Friday, 7 July 2017

Low low prices

TV prices are so low that StatsNZ has to rebase the CPI. They normalise things in the base year to have an index figure of 1000. So the price of TVs and of cell phones in 2006 was 1000. Cell phones have dropped to 66; TVs have dropped to 60. Why? Quality adjustment.

The TV that cost thousands in the 2000s now costs maybe a couple hundred. Sure, you can still spend $5000 on a TV. But the TV you'd have spent $3000 on in 2006 is a hundred-dollar model now.
The CPI rebase
This section explains the reasons for the upcoming rebase of the CPI and FPI indexes and when it will be applied. For those of you interested in quality adjustment, or who use the index numbers in your models – read on.

We have been reviewing and reweighting the CPI basket of goods and services over the last six months. Part of the review also involves determining whether there is a need to rebase the indexes. Low inflation has led to relatively  small differences from the expression base of 1000 in the past decade, so we have kept the 2006 base period. However, due to increasing quality in some areas, we have been reporting falling prices in these areas of the index and some are now approaching zero. To adjust for this, we need to reset all of the CPI indexes back to 1000.

Technological advancements affect CPI index numbers
An important part of the CPI review is to ensure we account for improvements in technology. As it improves things get better, faster, flashier, and cheaper. The prices of mobile phones, cameras, and videos, for example, have fallen steadily over the past decade. The average price of a flat panel TV in 2006 was a staggering $3,382. If that same TV was still available today it would likely cost around $200. Similarly, a digital camera bought in 2006 would have cost about $500, now you don’t even have to buy one, they’re built in to your mobile phone and they have better specs. In the day of the ‘brick’, circa 1983, the luxury of being able to call someone while out and about would have cost roughly US$3,995 (see 40 years of the mobile phone: Top 20 facts). By 2006 the average price of a mobile phone was $249; this phone in today’s market would slip into our pocket for a mere $16.33.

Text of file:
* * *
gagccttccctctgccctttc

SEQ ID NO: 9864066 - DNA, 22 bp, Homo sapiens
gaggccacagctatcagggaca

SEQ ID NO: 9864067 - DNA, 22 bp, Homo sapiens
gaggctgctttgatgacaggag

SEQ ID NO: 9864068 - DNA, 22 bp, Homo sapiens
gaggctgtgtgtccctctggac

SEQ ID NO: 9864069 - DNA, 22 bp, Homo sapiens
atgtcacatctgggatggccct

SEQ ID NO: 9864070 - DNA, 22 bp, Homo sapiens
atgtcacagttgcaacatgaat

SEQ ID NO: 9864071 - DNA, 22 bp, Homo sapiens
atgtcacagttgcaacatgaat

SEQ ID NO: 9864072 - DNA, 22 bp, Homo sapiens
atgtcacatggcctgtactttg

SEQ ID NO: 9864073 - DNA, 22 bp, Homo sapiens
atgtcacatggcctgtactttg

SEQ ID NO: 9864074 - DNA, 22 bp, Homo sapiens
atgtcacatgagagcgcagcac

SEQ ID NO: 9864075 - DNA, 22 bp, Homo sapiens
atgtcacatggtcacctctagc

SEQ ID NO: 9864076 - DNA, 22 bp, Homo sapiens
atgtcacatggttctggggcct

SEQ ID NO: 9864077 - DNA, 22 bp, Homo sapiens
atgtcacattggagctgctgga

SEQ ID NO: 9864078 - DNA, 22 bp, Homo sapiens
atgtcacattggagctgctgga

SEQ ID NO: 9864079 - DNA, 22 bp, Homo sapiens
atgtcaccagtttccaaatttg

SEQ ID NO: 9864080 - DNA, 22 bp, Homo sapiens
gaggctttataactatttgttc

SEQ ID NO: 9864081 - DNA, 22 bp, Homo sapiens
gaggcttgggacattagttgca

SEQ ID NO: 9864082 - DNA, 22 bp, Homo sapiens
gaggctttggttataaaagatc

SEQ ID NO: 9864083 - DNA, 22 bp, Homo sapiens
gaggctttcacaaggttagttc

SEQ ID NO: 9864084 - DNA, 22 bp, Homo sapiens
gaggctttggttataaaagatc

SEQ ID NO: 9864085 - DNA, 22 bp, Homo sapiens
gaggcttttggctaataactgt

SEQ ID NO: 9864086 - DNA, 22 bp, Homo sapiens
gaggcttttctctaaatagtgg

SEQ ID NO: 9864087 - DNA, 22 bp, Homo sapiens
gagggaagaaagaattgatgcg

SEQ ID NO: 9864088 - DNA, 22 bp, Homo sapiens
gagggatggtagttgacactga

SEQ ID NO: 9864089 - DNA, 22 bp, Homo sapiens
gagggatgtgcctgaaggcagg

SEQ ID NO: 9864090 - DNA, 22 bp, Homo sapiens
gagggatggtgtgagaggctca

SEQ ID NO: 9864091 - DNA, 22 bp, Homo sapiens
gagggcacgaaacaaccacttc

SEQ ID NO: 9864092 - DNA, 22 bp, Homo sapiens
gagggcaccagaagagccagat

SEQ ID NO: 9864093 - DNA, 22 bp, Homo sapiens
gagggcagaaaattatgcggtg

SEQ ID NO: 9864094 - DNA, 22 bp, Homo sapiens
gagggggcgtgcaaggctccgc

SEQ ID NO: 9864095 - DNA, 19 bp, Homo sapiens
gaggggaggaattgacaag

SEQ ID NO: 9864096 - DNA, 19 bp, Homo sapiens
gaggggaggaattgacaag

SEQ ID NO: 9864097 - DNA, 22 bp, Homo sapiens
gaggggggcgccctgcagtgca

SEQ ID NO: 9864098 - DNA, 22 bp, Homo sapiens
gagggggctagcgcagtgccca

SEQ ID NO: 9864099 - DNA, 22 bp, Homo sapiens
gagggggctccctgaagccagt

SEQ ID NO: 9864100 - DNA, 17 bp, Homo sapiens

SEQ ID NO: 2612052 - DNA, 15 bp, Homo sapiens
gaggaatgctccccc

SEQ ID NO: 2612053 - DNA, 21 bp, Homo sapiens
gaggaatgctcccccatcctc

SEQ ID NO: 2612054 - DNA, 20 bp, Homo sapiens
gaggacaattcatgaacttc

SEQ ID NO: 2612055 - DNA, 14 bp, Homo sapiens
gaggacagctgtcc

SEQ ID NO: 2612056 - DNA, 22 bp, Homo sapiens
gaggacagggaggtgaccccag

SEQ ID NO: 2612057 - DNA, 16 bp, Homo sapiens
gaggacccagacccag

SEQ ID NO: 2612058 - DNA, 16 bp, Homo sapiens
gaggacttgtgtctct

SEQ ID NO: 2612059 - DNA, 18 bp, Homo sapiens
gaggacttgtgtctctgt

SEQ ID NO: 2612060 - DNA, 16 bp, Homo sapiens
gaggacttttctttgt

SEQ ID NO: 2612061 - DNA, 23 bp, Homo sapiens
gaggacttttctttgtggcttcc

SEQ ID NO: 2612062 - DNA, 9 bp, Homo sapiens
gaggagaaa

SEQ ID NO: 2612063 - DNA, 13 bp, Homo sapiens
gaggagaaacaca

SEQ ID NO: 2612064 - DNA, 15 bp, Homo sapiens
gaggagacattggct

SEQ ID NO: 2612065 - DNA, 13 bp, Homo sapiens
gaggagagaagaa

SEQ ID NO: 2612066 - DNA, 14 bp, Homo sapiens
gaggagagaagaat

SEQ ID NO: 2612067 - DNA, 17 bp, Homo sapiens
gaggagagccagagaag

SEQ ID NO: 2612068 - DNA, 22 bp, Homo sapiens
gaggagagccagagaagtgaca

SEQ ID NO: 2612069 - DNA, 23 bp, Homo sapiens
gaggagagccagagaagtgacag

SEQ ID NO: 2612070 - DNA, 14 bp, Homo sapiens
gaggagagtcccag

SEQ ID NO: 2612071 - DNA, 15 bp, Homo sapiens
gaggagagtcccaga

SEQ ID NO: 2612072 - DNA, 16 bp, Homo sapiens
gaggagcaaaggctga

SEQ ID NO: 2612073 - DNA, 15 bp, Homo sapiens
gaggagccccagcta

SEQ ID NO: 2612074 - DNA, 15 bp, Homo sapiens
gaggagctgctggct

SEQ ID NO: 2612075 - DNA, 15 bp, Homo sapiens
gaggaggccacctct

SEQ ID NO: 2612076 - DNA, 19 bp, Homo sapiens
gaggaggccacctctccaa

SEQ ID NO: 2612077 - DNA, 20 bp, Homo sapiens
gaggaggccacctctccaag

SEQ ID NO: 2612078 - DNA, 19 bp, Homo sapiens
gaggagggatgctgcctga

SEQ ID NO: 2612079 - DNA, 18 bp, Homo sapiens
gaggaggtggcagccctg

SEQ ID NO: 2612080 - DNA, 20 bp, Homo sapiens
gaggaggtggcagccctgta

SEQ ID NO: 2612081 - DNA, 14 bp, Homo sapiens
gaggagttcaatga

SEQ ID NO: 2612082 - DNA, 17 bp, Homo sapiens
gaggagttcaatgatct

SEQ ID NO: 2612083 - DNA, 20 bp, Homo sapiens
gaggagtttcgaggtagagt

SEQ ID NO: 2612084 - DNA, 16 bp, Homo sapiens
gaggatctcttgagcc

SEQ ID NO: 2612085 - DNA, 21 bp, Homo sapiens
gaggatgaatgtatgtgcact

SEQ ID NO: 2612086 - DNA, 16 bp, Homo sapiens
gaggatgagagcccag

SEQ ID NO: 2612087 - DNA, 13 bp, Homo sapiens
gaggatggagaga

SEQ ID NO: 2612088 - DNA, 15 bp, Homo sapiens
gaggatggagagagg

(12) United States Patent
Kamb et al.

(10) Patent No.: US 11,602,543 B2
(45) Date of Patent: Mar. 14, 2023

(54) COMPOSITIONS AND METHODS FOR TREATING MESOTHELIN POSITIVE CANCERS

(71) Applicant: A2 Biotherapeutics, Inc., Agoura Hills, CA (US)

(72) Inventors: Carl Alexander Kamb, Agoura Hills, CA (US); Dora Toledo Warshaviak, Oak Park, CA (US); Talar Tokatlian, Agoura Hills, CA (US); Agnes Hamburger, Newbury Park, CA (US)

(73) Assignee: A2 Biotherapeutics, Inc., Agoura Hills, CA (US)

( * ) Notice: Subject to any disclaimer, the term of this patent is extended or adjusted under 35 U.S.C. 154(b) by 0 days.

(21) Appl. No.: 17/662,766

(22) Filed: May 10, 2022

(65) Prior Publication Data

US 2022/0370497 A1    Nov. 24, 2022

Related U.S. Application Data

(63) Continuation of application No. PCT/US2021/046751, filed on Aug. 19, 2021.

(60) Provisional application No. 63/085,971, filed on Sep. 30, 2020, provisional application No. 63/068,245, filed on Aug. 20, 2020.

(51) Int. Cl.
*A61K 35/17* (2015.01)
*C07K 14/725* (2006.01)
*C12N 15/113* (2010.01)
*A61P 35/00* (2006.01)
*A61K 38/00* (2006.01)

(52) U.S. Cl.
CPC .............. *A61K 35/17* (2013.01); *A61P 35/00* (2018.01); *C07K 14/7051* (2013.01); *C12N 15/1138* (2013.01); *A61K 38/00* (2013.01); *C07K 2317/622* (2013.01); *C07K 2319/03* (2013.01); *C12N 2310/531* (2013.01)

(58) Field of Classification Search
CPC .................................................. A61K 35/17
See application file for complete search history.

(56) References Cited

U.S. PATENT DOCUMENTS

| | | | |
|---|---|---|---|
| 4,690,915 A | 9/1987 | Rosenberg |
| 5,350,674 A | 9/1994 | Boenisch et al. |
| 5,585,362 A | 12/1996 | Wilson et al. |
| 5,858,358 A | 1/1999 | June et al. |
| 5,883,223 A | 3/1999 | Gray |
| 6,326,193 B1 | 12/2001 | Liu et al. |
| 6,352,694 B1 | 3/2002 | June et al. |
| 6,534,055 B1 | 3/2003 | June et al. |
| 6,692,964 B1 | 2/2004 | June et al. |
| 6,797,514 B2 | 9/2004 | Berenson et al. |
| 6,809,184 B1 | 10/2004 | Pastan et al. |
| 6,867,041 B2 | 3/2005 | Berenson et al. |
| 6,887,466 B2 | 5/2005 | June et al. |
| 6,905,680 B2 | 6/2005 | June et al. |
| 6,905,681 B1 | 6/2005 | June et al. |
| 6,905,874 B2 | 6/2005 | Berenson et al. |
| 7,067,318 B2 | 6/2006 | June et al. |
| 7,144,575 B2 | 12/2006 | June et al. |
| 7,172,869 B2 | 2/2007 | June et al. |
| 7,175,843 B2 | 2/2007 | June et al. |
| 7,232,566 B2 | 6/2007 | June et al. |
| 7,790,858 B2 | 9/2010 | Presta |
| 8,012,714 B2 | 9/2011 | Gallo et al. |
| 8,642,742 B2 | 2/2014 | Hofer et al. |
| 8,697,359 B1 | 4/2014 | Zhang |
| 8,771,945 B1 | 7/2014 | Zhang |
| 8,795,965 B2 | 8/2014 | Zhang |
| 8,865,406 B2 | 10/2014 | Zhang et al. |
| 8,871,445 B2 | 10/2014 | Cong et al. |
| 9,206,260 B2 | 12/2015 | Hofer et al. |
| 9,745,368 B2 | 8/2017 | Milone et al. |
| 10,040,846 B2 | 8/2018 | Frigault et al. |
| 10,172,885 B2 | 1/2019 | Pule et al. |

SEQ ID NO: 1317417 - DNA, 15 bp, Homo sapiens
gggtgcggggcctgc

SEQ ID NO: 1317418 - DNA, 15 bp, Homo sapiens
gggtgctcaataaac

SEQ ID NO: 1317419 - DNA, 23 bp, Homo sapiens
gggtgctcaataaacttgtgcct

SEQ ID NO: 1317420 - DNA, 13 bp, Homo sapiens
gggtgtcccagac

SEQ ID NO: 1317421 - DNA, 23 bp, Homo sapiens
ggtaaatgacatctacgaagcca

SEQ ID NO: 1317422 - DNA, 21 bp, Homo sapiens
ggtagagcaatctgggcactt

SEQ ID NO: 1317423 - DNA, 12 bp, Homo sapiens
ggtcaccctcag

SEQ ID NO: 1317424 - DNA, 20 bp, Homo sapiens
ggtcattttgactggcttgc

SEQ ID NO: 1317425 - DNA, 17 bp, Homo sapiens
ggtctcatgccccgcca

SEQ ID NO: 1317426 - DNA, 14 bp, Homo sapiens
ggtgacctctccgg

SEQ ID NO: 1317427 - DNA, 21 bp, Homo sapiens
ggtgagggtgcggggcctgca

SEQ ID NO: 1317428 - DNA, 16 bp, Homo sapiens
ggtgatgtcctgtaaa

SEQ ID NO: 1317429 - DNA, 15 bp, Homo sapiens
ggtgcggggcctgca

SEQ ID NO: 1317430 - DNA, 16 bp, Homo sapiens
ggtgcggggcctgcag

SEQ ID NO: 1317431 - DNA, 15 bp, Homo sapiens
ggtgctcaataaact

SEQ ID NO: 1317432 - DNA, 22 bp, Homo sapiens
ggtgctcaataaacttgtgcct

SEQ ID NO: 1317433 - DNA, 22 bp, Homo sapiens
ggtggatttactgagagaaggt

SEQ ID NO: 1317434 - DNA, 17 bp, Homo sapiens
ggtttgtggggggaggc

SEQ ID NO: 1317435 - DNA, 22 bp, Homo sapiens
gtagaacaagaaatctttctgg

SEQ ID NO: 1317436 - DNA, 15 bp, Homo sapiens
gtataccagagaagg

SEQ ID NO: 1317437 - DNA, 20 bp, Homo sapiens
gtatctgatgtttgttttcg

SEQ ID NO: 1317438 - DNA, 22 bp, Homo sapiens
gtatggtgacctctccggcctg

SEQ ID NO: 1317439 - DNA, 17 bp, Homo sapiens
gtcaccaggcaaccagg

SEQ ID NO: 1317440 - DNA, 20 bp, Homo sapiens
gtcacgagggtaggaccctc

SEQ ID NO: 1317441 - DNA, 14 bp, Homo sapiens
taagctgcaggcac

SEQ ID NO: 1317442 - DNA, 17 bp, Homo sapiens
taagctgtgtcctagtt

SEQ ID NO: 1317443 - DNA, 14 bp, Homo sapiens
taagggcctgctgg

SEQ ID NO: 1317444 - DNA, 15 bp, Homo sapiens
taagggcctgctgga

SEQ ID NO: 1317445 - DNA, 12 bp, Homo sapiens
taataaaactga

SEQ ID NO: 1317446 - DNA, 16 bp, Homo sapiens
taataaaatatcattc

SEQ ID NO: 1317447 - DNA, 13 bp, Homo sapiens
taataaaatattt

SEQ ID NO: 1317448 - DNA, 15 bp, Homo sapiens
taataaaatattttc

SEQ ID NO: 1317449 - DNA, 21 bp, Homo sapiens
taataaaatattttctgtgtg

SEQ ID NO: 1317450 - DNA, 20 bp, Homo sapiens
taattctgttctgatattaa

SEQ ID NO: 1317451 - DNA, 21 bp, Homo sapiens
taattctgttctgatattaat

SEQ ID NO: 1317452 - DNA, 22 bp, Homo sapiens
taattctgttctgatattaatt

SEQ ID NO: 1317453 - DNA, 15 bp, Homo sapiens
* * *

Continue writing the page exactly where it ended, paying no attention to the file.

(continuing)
When consumers get a better quality product or one with more features for the same price, this counts as a price drop in the CPI. We fix the quality of these types of items in the CPI so that we can price the same item through time.

Figure 1 shows the indexes for TVs and mobile phones for 2006–17.Figure 2 shows the indexes for the recreation and culture subgroup for the period 2006–17.Keep your eyes peeled for the updated CPI basket in January We update the CPI basket every three years, with additions and removals reflecting changes to consumer spending patterns. For example, DVD players were state of the art at the turn of the century and were added to the basket in 2002, but have been replaced by computers in the ‘cloud’ and were removed from the basket in 2008. Video-cassette recorders nearly held on that long and were only removed in 2006, signalling the end of an era of heading to the video shop on a Friday night. Mobile phones were added to the basket in 2002 and because they are still popular, will likely be there for a long time.

New CPI base period Due to all these technological advances, some of our indexes are now almost zero. From 2006, price falls recorded in the CPI for cellphones and accessories have moved the index for this item from 1000 to 66. The index for TVs is now at 60. Because these indexes are so close to zero we are losing accuracy in the CPI.

To adjust for these large differences, we will rebase the CPI by resetting all the indexes to a base period of June 2017 = 1000.
HT:  Newsroom Pro's 8 things at 8am

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